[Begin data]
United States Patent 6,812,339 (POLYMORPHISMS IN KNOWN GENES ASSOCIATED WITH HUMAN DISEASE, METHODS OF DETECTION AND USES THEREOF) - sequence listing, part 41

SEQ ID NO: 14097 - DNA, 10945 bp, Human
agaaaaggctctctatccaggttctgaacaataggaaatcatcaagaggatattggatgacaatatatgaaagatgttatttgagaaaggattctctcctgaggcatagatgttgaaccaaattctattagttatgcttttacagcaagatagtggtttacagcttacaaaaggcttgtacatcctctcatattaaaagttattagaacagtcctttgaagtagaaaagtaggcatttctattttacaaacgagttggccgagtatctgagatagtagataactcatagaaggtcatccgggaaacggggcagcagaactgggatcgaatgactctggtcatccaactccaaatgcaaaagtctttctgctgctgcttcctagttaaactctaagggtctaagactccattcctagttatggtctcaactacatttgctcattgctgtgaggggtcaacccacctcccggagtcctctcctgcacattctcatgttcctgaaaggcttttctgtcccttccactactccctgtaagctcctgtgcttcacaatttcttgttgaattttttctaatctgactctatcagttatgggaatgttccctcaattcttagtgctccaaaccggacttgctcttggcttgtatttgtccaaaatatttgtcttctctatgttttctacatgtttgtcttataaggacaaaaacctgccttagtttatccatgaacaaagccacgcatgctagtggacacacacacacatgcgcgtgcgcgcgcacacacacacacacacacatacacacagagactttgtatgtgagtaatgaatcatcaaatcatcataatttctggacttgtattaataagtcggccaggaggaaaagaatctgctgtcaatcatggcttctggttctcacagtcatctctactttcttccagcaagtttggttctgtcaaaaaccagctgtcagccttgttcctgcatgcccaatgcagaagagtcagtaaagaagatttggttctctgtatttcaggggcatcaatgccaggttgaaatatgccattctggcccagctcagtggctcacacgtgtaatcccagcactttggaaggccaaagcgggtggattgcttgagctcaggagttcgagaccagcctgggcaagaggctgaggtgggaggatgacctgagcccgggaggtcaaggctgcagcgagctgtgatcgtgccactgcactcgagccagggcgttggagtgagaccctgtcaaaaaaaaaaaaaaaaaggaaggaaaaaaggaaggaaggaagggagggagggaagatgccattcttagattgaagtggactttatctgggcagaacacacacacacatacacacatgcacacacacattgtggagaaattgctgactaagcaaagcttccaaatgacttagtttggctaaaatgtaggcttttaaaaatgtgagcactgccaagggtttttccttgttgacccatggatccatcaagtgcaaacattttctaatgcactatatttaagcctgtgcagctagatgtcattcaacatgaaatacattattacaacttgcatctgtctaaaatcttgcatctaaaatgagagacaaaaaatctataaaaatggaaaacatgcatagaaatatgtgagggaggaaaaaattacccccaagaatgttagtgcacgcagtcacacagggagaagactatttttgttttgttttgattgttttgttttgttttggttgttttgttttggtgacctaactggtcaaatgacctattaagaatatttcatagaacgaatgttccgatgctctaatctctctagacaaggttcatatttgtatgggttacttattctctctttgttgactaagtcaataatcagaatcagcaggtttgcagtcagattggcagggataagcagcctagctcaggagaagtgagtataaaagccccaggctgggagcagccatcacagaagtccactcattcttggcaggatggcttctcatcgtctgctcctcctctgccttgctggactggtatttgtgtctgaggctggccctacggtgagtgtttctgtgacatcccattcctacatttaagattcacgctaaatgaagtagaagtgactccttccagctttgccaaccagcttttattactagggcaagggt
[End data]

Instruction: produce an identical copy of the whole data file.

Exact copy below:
United States Patent 6,812,339 (POLYMORPHISMS IN KNOWN GENES ASSOCIATED WITH HUMAN DISEASE, METHODS OF DETECTION AND USES THEREOF) - sequence listing, part 41

SEQ ID NO: 14097 - DNA, 10945 bp, Human
agaaaaggctctctatccaggttctgaacaataggaaatcatcaagaggatattggatgacaatatatgaaagatgttatttgagaaaggattctctcctgaggcatagatgttgaaccaaattctattagttatgcttttacagcaagatagtggtttacagcttacaaaaggcttgtacatcctctcatattaaaagttattagaacagtcctttgaagtagaaaagtaggcatttctattttacaaacgagttggccgagtatctgagatagtagataactcatagaaggtcatccgggaaacggggcagcagaactgggatcgaatgactctggtcatccaactccaaatgcaaaagtctttctgctgctgcttcctagttaaactctaagggtctaagactccattcctagttatggtctcaactacatttgctcattgctgtgaggggtcaacccacctcccggagtcctctcctgcacattctcatgttcctgaaaggcttttctgtcccttccactactccctgtaagctcctgtgcttcacaatttcttgttgaattttttctaatctgactctatcagttatgggaatgttccctcaattcttagtgctccaaaccggacttgctcttggcttgtatttgtccaaaatatttgtcttctctatgttttctacatgtttgtcttataaggacaaaaacctgccttagtttatccatgaacaaagccacgcatgctagtggacacacacacacatgcgcgtgcgcgcgcacacacacacacacacacatacacacagagactttgtatgtgagtaatgaatcatcaaatcatcataatttctggacttgtattaataagtcggccaggaggaaaagaatctgctgtcaatcatggcttctggttctcacagtcatctctactttcttccagcaagtttggttctgtcaaaaaccagctgtcagccttgttcctgcatgcccaatgcagaagagtcagtaaagaagatttggttctctgtatttcaggggcatcaatgccaggttgaaatatgccattctggcccagctcagtggctcacacgtgtaatcccagcactttggaaggccaaagcgggtggattgcttgagctcaggagttcgagaccagcctgggcaagaggctgaggtgggaggatgacctgagcccgggaggtcaaggctgcagcgagctgtgatcgtgccactgcactcgagccagggcgttggagtgagaccctgtcaaaaaaaaaaaaaaaaaggaaggaaaaaaggaaggaaggaagggagggagggaagatgccattcttagattgaagtggactttatctgggcagaacacacacacacatacacacatgcacacacacattgtggagaaattgctgactaagcaaagcttccaaatgacttagtttggctaaaatgtaggcttttaaaaatgtgagcactgccaagggtttttccttgttgacccatggatccatcaagtgcaaacattttctaatgcactatatttaagcctgtgcagctagatgtcattcaacatgaaatacattattacaacttgcatctgtctaaaatcttgcatctaaaatgagagacaaaaaatctataaaaatggaaaacatgcatagaaatatgtgagggaggaaaaaattacccccaagaatgttagtgcacgcagtcacacagggagaagactatttttgttttgttttgattgttttgttttgttttggttgttttgttttggtgacctaactggtcaaatgacctattaagaatatttcatagaacgaatgttccgatgctctaatctctctagacaaggttcatatttgtatgggttacttattctctctttgttgactaagtcaataatcagaatcagcaggtttgcagtcagattggcagggataagcagcctagctcaggagaagtgagtataaaagccccaggctgggagcagccatcacagaagtccactcattcttggcaggatggcttctcatcgtctgctcctcctctgccttgctggactggtatttgtgtctgaggctggccctacggtgagtgtttctgtgacatcccattcctacatttaagattcacgctaaatgaagtagaagtgactccttccagctttgccaaccagcttttattactagggcaagggt